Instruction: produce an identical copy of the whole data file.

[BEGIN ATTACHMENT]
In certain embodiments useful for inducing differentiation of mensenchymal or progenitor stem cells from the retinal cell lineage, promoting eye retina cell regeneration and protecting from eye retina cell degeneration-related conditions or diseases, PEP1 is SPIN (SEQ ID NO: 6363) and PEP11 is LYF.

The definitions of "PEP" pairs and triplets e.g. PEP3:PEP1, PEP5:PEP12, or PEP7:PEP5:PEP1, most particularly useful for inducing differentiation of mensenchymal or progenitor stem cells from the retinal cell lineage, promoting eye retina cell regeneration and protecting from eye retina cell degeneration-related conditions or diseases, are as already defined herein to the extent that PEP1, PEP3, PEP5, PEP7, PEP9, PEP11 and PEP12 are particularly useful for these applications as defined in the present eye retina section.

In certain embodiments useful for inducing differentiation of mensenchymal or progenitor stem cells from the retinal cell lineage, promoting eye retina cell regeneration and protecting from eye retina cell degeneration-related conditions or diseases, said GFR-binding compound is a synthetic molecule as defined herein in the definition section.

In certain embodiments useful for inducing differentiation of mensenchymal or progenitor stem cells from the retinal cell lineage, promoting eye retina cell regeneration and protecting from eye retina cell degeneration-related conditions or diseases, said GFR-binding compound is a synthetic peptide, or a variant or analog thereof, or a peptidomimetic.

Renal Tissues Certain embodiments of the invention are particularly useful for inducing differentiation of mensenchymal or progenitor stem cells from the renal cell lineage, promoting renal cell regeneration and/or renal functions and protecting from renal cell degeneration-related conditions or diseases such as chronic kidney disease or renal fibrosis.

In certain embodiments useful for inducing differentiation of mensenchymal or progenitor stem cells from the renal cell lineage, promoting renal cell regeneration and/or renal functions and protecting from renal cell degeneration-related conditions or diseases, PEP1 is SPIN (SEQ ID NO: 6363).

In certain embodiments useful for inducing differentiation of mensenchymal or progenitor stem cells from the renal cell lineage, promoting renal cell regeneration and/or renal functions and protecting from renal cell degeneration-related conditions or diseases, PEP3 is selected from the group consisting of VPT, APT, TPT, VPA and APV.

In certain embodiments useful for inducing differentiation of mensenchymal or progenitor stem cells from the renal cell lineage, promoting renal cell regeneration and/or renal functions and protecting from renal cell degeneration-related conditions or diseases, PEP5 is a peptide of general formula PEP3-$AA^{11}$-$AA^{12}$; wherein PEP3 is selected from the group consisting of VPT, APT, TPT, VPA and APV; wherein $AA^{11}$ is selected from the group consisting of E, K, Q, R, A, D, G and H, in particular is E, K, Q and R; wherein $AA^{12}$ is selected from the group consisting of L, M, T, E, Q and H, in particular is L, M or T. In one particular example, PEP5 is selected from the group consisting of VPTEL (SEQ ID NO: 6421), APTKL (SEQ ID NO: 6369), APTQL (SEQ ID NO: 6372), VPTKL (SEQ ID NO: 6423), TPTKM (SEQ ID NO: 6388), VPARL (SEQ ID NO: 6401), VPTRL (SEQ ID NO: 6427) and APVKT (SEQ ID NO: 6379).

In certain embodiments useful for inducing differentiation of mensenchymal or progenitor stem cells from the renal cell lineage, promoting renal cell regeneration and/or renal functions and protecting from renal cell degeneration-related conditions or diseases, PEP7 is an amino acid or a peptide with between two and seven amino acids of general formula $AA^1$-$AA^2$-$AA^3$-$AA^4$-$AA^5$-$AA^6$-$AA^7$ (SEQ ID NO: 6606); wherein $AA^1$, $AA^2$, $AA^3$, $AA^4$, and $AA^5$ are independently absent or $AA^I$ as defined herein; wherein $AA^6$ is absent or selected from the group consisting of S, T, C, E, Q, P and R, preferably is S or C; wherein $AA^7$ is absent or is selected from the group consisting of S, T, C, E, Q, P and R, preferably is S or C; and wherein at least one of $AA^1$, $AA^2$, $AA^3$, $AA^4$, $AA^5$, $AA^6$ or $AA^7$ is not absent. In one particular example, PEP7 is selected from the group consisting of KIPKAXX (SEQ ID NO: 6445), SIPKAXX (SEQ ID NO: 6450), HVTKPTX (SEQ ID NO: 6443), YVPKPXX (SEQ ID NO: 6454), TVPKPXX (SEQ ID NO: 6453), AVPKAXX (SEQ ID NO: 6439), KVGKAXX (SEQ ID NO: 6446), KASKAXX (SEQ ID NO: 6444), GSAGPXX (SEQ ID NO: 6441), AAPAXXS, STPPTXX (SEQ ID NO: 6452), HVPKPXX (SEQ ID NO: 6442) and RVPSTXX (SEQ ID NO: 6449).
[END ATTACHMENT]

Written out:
In certain embodiments useful for inducing differentiation of mensenchymal or progenitor stem cells from the retinal cell lineage, promoting eye retina cell regeneration and protecting from eye retina cell degeneration-related conditions or diseases, PEP1 is SPIN (SEQ ID NO: 6363) and PEP11 is LYF.

The definitions of "PEP" pairs and triplets e.g. PEP3:PEP1, PEP5:PEP12, or PEP7:PEP5:PEP1, most particularly useful for inducing differentiation of mensenchymal or progenitor stem cells from the retinal cell lineage, promoting eye retina cell regeneration and protecting from eye retina cell degeneration-related conditions or diseases, are as already defined herein to the extent that PEP1, PEP3, PEP5, PEP7, PEP9, PEP11 and PEP12 are particularly useful for these applications as defined in the present eye retina section.

In certain embodiments useful for inducing differentiation of mensenchymal or progenitor stem cells from the retinal cell lineage, promoting eye retina cell regeneration and protecting from eye retina cell degeneration-related conditions or diseases, said GFR-binding compound is a synthetic molecule as defined herein in the definition section.

In certain embodiments useful for inducing differentiation of mensenchymal or progenitor stem cells from the retinal cell lineage, promoting eye retina cell regeneration and protecting from eye retina cell degeneration-related conditions or diseases, said GFR-binding compound is a synthetic peptide, or a variant or analog thereof, or a peptidomimetic.

Renal Tissues Certain embodiments of the invention are particularly useful for inducing differentiation of mensenchymal or progenitor stem cells from the renal cell lineage, promoting renal cell regeneration and/or renal functions and protecting from renal cell degeneration-related conditions or diseases such as chronic kidney disease or renal fibrosis.

In certain embodiments useful for inducing differentiation of mensenchymal or progenitor stem cells from the renal cell lineage, promoting renal cell regeneration and/or renal functions and protecting from renal cell degeneration-related conditions or diseases, PEP1 is SPIN (SEQ ID NO: 6363).

In certain embodiments useful for inducing differentiation of mensenchymal or progenitor stem cells from the renal cell lineage, promoting renal cell regeneration and/or renal functions and protecting from renal cell degeneration-related conditions or diseases, PEP3 is selected from the group consisting of VPT, APT, TPT, VPA and APV.

In certain embodiments useful for inducing differentiation of mensenchymal or progenitor stem cells from the renal cell lineage, promoting renal cell regeneration and/or renal functions and protecting from renal cell degeneration-related conditions or diseases, PEP5 is a peptide of general formula PEP3-$AA^{11}$-$AA^{12}$; wherein PEP3 is selected from the group consisting of VPT, APT, TPT, VPA and APV; wherein $AA^{11}$ is selected from the group consisting of E, K, Q, R, A, D, G and H, in particular is E, K, Q and R; wherein $AA^{12}$ is selected from the group consisting of L, M, T, E, Q and H, in particular is L, M or T. In one particular example, PEP5 is selected from the group consisting of VPTEL (SEQ ID NO: 6421), APTKL (SEQ ID NO: 6369), APTQL (SEQ ID NO: 6372), VPTKL (SEQ ID NO: 6423), TPTKM (SEQ ID NO: 6388), VPARL (SEQ ID NO: 6401), VPTRL (SEQ ID NO: 6427) and APVKT (SEQ ID NO: 6379).

In certain embodiments useful for inducing differentiation of mensenchymal or progenitor stem cells from the renal cell lineage, promoting renal cell regeneration and/or renal functions and protecting from renal cell degeneration-related conditions or diseases, PEP7 is an amino acid or a peptide with between two and seven amino acids of general formula $AA^1$-$AA^2$-$AA^3$-$AA^4$-$AA^5$-$AA^6$-$AA^7$ (SEQ ID NO: 6606); wherein $AA^1$, $AA^2$, $AA^3$, $AA^4$, and $AA^5$ are independently absent or $AA^I$ as defined herein; wherein $AA^6$ is absent or selected from the group consisting of S, T, C, E, Q, P and R, preferably is S or C; wherein $AA^7$ is absent or is selected from the group consisting of S, T, C, E, Q, P and R, preferably is S or C; and wherein at least one of $AA^1$, $AA^2$, $AA^3$, $AA^4$, $AA^5$, $AA^6$ or $AA^7$ is not absent. In one particular example, PEP7 is selected from the group consisting of KIPKAXX (SEQ ID NO: 6445), SIPKAXX (SEQ ID NO: 6450), HVTKPTX (SEQ ID NO: 6443), YVPKPXX (SEQ ID NO: 6454), TVPKPXX (SEQ ID NO: 6453), AVPKAXX (SEQ ID NO: 6439), KVGKAXX (SEQ ID NO: 6446), KASKAXX (SEQ ID NO: 6444), GSAGPXX (SEQ ID NO: 6441), AAPAXXS, STPPTXX (SEQ ID NO: 6452), HVPKPXX (SEQ ID NO: 6442) and RVPSTXX (SEQ ID NO: 6449).